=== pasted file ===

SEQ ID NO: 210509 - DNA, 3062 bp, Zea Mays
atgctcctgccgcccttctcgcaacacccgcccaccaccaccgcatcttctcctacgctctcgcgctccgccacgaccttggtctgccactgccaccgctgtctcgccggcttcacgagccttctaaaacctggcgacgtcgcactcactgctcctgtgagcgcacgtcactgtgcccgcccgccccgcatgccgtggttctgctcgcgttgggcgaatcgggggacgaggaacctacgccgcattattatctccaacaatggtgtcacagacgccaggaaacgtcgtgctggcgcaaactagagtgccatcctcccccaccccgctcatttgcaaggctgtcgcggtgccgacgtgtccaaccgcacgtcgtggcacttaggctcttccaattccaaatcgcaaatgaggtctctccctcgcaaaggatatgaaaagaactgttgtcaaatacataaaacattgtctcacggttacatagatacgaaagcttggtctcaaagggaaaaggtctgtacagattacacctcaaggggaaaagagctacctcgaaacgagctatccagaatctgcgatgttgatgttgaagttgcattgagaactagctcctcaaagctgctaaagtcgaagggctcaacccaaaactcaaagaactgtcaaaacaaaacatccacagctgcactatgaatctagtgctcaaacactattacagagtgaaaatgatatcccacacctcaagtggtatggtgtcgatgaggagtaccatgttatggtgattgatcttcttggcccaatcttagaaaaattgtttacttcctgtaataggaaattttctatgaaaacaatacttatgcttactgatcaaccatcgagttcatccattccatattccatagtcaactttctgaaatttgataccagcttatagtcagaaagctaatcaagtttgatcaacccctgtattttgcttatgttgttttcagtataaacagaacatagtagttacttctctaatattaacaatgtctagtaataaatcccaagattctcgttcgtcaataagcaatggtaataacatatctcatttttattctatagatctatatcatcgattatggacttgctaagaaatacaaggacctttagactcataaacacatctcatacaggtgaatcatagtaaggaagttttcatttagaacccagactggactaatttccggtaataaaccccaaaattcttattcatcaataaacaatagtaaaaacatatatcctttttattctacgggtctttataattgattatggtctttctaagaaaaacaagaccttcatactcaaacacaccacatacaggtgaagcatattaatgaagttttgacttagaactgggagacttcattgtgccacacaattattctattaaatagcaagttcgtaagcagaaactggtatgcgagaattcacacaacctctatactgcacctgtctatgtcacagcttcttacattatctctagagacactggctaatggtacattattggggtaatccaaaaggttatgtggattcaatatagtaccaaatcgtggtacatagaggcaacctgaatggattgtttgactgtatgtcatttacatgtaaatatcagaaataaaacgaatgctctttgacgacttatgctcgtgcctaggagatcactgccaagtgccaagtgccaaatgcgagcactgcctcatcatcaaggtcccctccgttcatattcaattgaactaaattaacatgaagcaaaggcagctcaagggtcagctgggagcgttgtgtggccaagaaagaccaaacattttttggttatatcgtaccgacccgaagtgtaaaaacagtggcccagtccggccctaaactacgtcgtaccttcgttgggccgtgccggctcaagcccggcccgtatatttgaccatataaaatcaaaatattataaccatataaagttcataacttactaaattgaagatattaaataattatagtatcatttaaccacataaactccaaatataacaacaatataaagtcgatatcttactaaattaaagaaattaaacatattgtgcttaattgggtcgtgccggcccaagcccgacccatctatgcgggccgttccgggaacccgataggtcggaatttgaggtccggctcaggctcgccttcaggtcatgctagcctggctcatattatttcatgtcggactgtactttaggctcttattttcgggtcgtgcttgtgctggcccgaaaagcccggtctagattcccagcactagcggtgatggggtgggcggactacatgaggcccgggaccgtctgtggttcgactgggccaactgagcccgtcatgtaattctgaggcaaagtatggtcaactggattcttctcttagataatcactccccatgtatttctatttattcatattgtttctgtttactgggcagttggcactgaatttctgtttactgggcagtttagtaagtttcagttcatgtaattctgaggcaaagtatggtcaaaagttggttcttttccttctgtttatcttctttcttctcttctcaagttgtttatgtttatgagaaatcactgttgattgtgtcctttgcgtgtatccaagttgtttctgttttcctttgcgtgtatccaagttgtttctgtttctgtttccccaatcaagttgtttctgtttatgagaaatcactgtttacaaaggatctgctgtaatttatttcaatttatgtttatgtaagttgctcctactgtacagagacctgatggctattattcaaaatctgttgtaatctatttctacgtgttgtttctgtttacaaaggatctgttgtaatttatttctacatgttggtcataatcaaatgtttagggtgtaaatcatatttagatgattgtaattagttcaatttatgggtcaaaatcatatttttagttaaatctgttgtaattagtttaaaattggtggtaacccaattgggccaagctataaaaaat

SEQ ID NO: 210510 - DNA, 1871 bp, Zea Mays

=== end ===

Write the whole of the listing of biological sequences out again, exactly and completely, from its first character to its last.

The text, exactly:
SEQ ID NO: 210509 - DNA, 3062 bp, Zea Mays
atgctcctgccgcccttctcgcaacacccgcccaccaccaccgcatcttctcctacgctctcgcgctccgccacgaccttggtctgccactgccaccgctgtctcgccggcttcacgagccttctaaaacctggcgacgtcgcactcactgctcctgtgagcgcacgtcactgtgcccgcccgccccgcatgccgtggttctgctcgcgttgggcgaatcgggggacgaggaacctacgccgcattattatctccaacaatggtgtcacagacgccaggaaacgtcgtgctggcgcaaactagagtgccatcctcccccaccccgctcatttgcaaggctgtcgcggtgccgacgtgtccaaccgcacgtcgtggcacttaggctcttccaattccaaatcgcaaatgaggtctctccctcgcaaaggatatgaaaagaactgttgtcaaatacataaaacattgtctcacggttacatagatacgaaagcttggtctcaaagggaaaaggtctgtacagattacacctcaaggggaaaagagctacctcgaaacgagctatccagaatctgcgatgttgatgttgaagttgcattgagaactagctcctcaaagctgctaaagtcgaagggctcaacccaaaactcaaagaactgtcaaaacaaaacatccacagctgcactatgaatctagtgctcaaacactattacagagtgaaaatgatatcccacacctcaagtggtatggtgtcgatgaggagtaccatgttatggtgattgatcttcttggcccaatcttagaaaaattgtttacttcctgtaataggaaattttctatgaaaacaatacttatgcttactgatcaaccatcgagttcatccattccatattccatagtcaactttctgaaatttgataccagcttatagtcagaaagctaatcaagtttgatcaacccctgtattttgcttatgttgttttcagtataaacagaacatagtagttacttctctaatattaacaatgtctagtaataaatcccaagattctcgttcgtcaataagcaatggtaataacatatctcatttttattctatagatctatatcatcgattatggacttgctaagaaatacaaggacctttagactcataaacacatctcatacaggtgaatcatagtaaggaagttttcatttagaacccagactggactaatttccggtaataaaccccaaaattcttattcatcaataaacaatagtaaaaacatatatcctttttattctacgggtctttataattgattatggtctttctaagaaaaacaagaccttcatactcaaacacaccacatacaggtgaagcatattaatgaagttttgacttagaactgggagacttcattgtgccacacaattattctattaaatagcaagttcgtaagcagaaactggtatgcgagaattcacacaacctctatactgcacctgtctatgtcacagcttcttacattatctctagagacactggctaatggtacattattggggtaatccaaaaggttatgtggattcaatatagtaccaaatcgtggtacatagaggcaacctgaatggattgtttgactgtatgtcatttacatgtaaatatcagaaataaaacgaatgctctttgacgacttatgctcgtgcctaggagatcactgccaagtgccaagtgccaaatgcgagcactgcctcatcatcaaggtcccctccgttcatattcaattgaactaaattaacatgaagcaaaggcagctcaagggtcagctgggagcgttgtgtggccaagaaagaccaaacattttttggttatatcgtaccgacccgaagtgtaaaaacagtggcccagtccggccctaaactacgtcgtaccttcgttgggccgtgccggctcaagcccggcccgtatatttgaccatataaaatcaaaatattataaccatataaagttcataacttactaaattgaagatattaaataattatagtatcatttaaccacataaactccaaatataacaacaatataaagtcgatatcttactaaattaaagaaattaaacatattgtgcttaattgggtcgtgccggcccaagcccgacccatctatgcgggccgttccgggaacccgataggtcggaatttgaggtccggctcaggctcgccttcaggtcatgctagcctggctcatattatttcatgtcggactgtactttaggctcttattttcgggtcgtgcttgtgctggcccgaaaagcccggtctagattcccagcactagcggtgatggggtgggcggactacatgaggcccgggaccgtctgtggttcgactgggccaactgagcccgtcatgtaattctgaggcaaagtatggtcaactggattcttctcttagataatcactccccatgtatttctatttattcatattgtttctgtttactgggcagttggcactgaatttctgtttactgggcagtttagtaagtttcagttcatgtaattctgaggcaaagtatggtcaaaagttggttcttttccttctgtttatcttctttcttctcttctcaagttgtttatgtttatgagaaatcactgttgattgtgtcctttgcgtgtatccaagttgtttctgttttcctttgcgtgtatccaagttgtttctgtttctgtttccccaatcaagttgtttctgtttatgagaaatcactgtttacaaaggatctgctgtaatttatttcaatttatgtttatgtaagttgctcctactgtacagagacctgatggctattattcaaaatctgttgtaatctatttctacgtgttgtttctgtttacaaaggatctgttgtaatttatttctacatgttggtcataatcaaatgtttagggtgtaaatcatatttagatgattgtaattagttcaatttatgggtcaaaatcatatttttagttaaatctgttgtaattagtttaaaattggtggtaacccaattgggccaagctataaaaaat

SEQ ID NO: 210510 - DNA, 1871 bp, Zea Mays